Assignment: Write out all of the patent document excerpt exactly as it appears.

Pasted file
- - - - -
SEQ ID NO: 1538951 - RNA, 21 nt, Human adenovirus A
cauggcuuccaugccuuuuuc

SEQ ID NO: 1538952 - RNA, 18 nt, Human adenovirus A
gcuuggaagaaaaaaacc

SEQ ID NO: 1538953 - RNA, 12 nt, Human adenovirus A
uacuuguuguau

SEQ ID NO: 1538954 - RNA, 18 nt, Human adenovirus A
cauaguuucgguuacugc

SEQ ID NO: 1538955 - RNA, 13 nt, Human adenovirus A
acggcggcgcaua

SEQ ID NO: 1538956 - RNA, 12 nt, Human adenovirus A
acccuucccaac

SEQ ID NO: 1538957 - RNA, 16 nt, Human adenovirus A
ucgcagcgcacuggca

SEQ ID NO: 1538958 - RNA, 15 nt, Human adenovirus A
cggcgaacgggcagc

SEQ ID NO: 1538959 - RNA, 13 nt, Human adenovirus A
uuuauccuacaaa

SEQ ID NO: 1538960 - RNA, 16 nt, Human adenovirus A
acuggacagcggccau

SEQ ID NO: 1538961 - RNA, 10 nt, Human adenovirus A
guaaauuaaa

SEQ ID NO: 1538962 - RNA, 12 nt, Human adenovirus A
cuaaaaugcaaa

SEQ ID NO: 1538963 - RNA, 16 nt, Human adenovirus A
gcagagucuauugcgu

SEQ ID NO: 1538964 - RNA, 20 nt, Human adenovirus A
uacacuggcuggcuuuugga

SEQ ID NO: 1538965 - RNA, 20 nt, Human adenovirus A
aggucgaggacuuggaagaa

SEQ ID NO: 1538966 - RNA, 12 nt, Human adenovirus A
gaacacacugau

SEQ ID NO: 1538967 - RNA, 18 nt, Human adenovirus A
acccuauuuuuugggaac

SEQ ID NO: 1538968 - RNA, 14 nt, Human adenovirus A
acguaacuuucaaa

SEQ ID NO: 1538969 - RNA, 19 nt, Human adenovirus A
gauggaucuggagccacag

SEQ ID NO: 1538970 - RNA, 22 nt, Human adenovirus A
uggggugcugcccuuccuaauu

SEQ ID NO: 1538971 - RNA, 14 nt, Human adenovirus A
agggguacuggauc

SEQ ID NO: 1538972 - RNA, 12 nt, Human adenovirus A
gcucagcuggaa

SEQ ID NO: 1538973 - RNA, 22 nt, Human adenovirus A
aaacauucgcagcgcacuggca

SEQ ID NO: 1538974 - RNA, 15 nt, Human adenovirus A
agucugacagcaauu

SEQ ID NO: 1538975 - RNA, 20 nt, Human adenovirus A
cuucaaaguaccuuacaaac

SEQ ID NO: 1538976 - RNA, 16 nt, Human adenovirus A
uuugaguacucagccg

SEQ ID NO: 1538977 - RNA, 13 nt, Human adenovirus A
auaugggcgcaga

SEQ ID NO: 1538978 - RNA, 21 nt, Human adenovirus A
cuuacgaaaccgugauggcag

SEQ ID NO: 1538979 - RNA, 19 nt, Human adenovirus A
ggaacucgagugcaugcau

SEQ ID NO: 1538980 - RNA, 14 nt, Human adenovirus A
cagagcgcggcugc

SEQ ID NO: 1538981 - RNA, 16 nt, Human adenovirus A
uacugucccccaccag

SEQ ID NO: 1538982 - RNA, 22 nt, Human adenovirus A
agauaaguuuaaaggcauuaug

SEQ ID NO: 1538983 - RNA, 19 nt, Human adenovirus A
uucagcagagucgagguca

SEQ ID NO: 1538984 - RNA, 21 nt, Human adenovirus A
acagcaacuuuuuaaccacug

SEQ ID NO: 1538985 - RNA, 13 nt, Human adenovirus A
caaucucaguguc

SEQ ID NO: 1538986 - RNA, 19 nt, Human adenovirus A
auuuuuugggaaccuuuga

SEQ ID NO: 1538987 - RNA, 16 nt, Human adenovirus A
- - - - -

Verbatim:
SEQ ID NO: 1538951 - RNA, 21 nt, Human adenovirus A
cauggcuuccaugccuuuuuc

SEQ ID NO: 1538952 - RNA, 18 nt, Human adenovirus A
gcuuggaagaaaaaaacc

SEQ ID NO: 1538953 - RNA, 12 nt, Human adenovirus A
uacuuguuguau

SEQ ID NO: 1538954 - RNA, 18 nt, Human adenovirus A
cauaguuucgguuacugc

SEQ ID NO: 1538955 - RNA, 13 nt, Human adenovirus A
acggcggcgcaua

SEQ ID NO: 1538956 - RNA, 12 nt, Human adenovirus A
acccuucccaac

SEQ ID NO: 1538957 - RNA, 16 nt, Human adenovirus A
ucgcagcgcacuggca

SEQ ID NO: 1538958 - RNA, 15 nt, Human adenovirus A
cggcgaacgggcagc

SEQ ID NO: 1538959 - RNA, 13 nt, Human adenovirus A
uuuauccuacaaa

SEQ ID NO: 1538960 - RNA, 16 nt, Human adenovirus A
acuggacagcggccau

SEQ ID NO: 1538961 - RNA, 10 nt, Human adenovirus A
guaaauuaaa

SEQ ID NO: 1538962 - RNA, 12 nt, Human adenovirus A
cuaaaaugcaaa

SEQ ID NO: 1538963 - RNA, 16 nt, Human adenovirus A
gcagagucuauugcgu

SEQ ID NO: 1538964 - RNA, 20 nt, Human adenovirus A
uacacuggcuggcuuuugga

SEQ ID NO: 1538965 - RNA, 20 nt, Human adenovirus A
aggucgaggacuuggaagaa

SEQ ID NO: 1538966 - RNA, 12 nt, Human adenovirus A
gaacacacugau

SEQ ID NO: 1538967 - RNA, 18 nt, Human adenovirus A
acccuauuuuuugggaac

SEQ ID NO: 1538968 - RNA, 14 nt, Human adenovirus A
acguaacuuucaaa

SEQ ID NO: 1538969 - RNA, 19 nt, Human adenovirus A
gauggaucuggagccacag

SEQ ID NO: 1538970 - RNA, 22 nt, Human adenovirus A
uggggugcugcccuuccuaauu

SEQ ID NO: 1538971 - RNA, 14 nt, Human adenovirus A
agggguacuggauc

SEQ ID NO: 1538972 - RNA, 12 nt, Human adenovirus A
gcucagcuggaa

SEQ ID NO: 1538973 - RNA, 22 nt, Human adenovirus A
aaacauucgcagcgcacuggca

SEQ ID NO: 1538974 - RNA, 15 nt, Human adenovirus A
agucugacagcaauu

SEQ ID NO: 1538975 - RNA, 20 nt, Human adenovirus A
cuucaaaguaccuuacaaac

SEQ ID NO: 1538976 - RNA, 16 nt, Human adenovirus A
uuugaguacucagccg

SEQ ID NO: 1538977 - RNA, 13 nt, Human adenovirus A
auaugggcgcaga

SEQ ID NO: 1538978 - RNA, 21 nt, Human adenovirus A
cuuacgaaaccgugauggcag

SEQ ID NO: 1538979 - RNA, 19 nt, Human adenovirus A
ggaacucgagugcaugcau

SEQ ID NO: 1538980 - RNA, 14 nt, Human adenovirus A
cagagcgcggcugc

SEQ ID NO: 1538981 - RNA, 16 nt, Human adenovirus A
uacugucccccaccag

SEQ ID NO: 1538982 - RNA, 22 nt, Human adenovirus A
agauaaguuuaaaggcauuaug

SEQ ID NO: 1538983 - RNA, 19 nt, Human adenovirus A
uucagcagagucgagguca

SEQ ID NO: 1538984 - RNA, 21 nt, Human adenovirus A
acagcaacuuuuuaaccacug

SEQ ID NO: 1538985 - RNA, 13 nt, Human adenovirus A
caaucucaguguc

SEQ ID NO: 1538986 - RNA, 19 nt, Human adenovirus A
auuuuuugggaaccuuuga

SEQ ID NO: 1538987 - RNA, 16 nt, Human adenovirus A